At this stage, the interface then receives further user input 92 and in the further various interactions between the web based interface provided on the client by the webserver and the user, indicated generally at 94, the user will provide a variety of different information to both select a desired article or product shown on the interface, provide various image rendering parameters connected to a desired image rendering task for the particular article chosen, and all the various pieces of information which forms part of the overall user input will then be submitted through the webserver and will ultimately reside in the database element of the system. The final part of the total user input will involve the submission of the request for image rendering to be completed, and at this stage, the webserver will communicate with the middleware element, as generally indicated at 96 in Figure 3, and at this stage the middleware element will then manage the process of image rendering by the render server cluster as previously described, and as schematically flow charted in Figure 3 at 98.
The final stage in the process is the completion of particular image rendering tasks by the render server cluster, and the return of the image rendered digital files to the user through the system, and this particular part of the process is schematically flow charted in Figure 3 at 100.
It is important to note that the webserver element 46, and in particular the webserver 48, together with the middleware element 50 (which is envisaged as a software only element, but need not necessarily be so) are both capable of communicating either directly or indirectly with the database element 64 in which all the details of particular image rendering tasks and the particular users requesting those tasks is stored. In Figure 2, the communication between the webserver element 46 and the database element 64 is shown as being indirect though the middleware element 54, but this need not necessarily be the case, and the webserver 48 may communicate directly with the database element 64.
In summary therefore, a computer processor intensive task management system is described. The system includes a front end element in the form of a graphical user interface to receive user input in the form of task parameters, a webserver element to contains all the various sections of the specific graphical user interface for display and through which user input is made during the task parametrization procedure, a middleware element which communicates with the webserver element and receives task parameters for each and every task requested by user, and a back-end element comprising processing power. The system also includes a storage element which may optionally be integrated with the middleware element or separate therefrom.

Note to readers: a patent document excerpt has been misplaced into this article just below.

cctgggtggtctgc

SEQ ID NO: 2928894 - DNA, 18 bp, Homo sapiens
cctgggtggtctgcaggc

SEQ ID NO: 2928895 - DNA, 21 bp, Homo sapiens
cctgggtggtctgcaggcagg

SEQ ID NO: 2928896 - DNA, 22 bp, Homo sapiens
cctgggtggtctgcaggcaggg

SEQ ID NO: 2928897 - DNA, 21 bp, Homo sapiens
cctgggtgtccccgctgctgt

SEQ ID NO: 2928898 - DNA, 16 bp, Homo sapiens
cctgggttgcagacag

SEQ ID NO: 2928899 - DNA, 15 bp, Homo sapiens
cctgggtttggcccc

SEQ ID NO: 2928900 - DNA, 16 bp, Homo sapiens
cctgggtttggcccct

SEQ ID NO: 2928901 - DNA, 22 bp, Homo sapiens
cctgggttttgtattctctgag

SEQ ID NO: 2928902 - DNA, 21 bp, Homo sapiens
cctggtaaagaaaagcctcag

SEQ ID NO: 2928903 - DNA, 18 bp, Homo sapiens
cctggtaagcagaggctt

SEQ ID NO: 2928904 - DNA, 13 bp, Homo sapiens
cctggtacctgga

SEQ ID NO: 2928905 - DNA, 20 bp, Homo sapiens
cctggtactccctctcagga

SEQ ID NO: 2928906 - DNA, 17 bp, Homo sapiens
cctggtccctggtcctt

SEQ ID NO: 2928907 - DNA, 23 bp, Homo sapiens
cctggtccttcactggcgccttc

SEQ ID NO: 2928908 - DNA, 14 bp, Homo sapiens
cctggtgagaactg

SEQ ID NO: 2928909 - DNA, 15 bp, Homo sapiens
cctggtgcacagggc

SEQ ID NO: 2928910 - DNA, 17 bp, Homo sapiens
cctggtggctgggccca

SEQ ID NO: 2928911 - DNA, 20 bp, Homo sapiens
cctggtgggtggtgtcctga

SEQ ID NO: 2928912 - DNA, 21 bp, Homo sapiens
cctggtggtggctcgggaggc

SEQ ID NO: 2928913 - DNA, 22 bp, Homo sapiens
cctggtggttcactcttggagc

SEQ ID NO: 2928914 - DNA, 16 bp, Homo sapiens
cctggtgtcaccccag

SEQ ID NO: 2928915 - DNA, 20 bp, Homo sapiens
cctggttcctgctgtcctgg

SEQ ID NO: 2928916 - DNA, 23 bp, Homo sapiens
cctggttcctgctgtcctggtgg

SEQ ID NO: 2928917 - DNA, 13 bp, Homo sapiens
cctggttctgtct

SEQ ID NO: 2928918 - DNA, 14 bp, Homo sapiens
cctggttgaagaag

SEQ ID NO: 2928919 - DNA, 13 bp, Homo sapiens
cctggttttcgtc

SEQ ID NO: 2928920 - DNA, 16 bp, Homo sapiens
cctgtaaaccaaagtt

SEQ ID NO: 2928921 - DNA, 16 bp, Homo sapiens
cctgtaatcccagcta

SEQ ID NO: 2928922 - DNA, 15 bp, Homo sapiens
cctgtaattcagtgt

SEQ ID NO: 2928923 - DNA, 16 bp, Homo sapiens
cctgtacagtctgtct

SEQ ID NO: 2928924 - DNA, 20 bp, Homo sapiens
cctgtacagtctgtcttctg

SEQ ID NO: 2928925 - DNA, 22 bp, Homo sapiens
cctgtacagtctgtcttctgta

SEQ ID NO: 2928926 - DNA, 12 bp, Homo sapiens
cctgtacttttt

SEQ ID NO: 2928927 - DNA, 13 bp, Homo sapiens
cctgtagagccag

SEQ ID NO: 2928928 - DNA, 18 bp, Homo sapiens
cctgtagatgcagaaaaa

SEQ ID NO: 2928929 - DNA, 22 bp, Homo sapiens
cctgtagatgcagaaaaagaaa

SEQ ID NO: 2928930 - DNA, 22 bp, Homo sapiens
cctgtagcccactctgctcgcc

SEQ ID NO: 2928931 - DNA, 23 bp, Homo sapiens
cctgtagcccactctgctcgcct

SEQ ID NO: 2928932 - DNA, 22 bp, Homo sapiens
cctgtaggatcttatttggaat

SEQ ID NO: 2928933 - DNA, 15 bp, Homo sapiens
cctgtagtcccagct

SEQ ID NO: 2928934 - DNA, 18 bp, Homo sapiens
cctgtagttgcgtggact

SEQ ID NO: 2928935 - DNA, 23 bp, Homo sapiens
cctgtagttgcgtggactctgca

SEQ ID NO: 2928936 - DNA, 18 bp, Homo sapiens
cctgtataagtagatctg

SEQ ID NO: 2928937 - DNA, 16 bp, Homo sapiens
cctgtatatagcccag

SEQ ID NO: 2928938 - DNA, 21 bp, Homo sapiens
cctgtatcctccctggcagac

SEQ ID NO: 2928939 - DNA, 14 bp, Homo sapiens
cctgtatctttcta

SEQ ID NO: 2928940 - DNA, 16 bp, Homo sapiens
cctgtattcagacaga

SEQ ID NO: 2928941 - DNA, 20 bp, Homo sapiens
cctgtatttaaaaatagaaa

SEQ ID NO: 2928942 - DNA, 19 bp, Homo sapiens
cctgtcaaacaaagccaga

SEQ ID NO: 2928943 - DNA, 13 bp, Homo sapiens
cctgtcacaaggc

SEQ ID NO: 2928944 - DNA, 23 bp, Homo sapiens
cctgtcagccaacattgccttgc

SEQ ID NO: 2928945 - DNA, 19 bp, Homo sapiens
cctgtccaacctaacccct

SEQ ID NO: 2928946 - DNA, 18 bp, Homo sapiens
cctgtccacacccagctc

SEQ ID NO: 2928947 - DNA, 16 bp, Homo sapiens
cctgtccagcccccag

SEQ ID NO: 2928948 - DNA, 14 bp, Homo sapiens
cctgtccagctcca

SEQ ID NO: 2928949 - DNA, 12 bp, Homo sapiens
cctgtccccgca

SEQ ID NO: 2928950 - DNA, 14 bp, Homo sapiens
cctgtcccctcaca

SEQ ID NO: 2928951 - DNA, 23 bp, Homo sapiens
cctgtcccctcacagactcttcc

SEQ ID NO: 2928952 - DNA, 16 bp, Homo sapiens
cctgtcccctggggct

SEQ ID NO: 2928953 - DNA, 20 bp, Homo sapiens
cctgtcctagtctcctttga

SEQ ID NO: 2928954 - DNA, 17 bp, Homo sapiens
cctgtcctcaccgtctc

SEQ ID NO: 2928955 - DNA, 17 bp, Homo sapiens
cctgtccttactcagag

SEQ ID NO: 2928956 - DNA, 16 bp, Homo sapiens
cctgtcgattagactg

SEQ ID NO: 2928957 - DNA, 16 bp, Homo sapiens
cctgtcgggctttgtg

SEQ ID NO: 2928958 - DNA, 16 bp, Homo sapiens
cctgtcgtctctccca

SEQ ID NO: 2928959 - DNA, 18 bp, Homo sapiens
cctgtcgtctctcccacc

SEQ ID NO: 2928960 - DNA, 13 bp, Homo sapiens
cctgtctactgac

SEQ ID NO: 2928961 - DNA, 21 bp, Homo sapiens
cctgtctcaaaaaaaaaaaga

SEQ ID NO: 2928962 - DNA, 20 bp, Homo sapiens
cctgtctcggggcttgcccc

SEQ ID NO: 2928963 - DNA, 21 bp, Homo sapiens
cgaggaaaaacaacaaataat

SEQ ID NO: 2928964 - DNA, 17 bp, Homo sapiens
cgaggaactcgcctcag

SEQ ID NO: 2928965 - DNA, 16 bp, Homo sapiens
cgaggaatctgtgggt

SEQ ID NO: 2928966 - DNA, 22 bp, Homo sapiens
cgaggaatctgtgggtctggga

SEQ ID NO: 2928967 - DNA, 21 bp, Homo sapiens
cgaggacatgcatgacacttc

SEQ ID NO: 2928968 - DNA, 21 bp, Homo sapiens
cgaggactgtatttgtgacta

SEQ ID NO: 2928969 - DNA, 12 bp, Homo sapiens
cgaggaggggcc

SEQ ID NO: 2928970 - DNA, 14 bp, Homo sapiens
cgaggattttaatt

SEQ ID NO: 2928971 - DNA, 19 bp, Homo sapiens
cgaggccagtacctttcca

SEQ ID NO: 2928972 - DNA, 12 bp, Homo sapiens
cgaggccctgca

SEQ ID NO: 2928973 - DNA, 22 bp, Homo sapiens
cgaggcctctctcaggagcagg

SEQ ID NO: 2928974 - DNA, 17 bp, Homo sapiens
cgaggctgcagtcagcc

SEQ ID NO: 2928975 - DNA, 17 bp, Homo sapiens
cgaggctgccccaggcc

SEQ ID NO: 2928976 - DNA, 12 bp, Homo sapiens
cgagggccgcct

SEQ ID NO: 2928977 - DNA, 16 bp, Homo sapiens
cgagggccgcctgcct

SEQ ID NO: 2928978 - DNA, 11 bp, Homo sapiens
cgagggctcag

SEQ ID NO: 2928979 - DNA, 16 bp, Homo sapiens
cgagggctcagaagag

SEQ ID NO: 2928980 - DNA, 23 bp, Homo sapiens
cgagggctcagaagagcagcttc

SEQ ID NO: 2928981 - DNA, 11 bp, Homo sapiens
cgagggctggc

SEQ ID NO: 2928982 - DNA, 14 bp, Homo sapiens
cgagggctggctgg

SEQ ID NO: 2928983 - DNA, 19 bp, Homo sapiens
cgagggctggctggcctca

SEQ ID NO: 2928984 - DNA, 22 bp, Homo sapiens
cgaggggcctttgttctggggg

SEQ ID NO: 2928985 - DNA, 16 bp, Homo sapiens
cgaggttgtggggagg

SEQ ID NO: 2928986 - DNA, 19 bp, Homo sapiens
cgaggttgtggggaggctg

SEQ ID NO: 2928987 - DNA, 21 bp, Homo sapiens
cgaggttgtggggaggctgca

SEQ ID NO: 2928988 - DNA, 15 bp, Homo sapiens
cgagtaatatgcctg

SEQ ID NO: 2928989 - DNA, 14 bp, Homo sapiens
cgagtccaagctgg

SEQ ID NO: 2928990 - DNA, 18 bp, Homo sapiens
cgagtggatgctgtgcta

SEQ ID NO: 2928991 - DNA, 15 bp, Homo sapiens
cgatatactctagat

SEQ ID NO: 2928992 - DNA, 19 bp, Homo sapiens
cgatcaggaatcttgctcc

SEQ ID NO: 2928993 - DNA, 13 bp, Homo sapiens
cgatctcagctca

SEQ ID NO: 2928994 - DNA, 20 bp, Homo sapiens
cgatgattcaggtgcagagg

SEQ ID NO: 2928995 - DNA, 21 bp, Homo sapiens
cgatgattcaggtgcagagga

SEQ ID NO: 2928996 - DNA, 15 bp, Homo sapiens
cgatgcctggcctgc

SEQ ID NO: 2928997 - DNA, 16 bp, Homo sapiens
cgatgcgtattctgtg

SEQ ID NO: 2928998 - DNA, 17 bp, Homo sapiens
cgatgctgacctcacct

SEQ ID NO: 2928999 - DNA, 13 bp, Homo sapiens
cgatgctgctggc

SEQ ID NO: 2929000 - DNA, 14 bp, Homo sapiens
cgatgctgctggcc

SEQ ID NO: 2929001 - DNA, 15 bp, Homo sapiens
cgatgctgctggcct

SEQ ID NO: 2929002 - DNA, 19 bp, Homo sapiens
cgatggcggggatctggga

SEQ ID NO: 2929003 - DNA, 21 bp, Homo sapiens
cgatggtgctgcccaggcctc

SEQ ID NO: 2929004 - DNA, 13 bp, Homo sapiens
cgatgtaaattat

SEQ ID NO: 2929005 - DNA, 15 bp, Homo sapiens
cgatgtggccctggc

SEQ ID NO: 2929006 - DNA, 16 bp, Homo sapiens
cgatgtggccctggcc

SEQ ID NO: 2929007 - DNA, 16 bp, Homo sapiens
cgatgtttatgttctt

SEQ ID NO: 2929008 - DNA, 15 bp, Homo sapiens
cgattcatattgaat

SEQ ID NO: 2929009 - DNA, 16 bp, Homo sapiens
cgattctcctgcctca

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|GB0506337A GB0506337D0 (en)||2005-03-30||2005-03-30||Processing system|
|PCT/GB2006/001191 WO2006103460A1 (en)||2005-03-30||2006-03-30||Processing system|
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|EP20060726597 Withdrawn EP1904925A1 (en)||2005-03-30||2006-03-30||Processing system|
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|CN103679392B (en) *||2013-12-26||2018-01-09||拉卡拉支付股份有限公司||One kind of task scheduling system and processing method|
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|US6573910B1 (en) *||1999-11-23||2003-06-03||Xerox Corporation||Interactive distributed communication method and system for bidding on, scheduling, routing and executing a document processing job|
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|Publication number||Priority date||Publication date||Assignee||Title|
|CN103679392B (en) *||2013-12-26||2018-01-09||拉卡拉支付股份有限公司||One kind of task scheduling system and processing method|
Also Published As
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|US20080174598A1 (en)||Design visualization system, apparatus, article and method|
|US20050243094A1 (en)||Systems and methods for providing an enhanced graphics pipeline|
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|US20080301012A1 (en)||Methods and systems for distributing computer modeled product design and manufacture data to peripheral systems|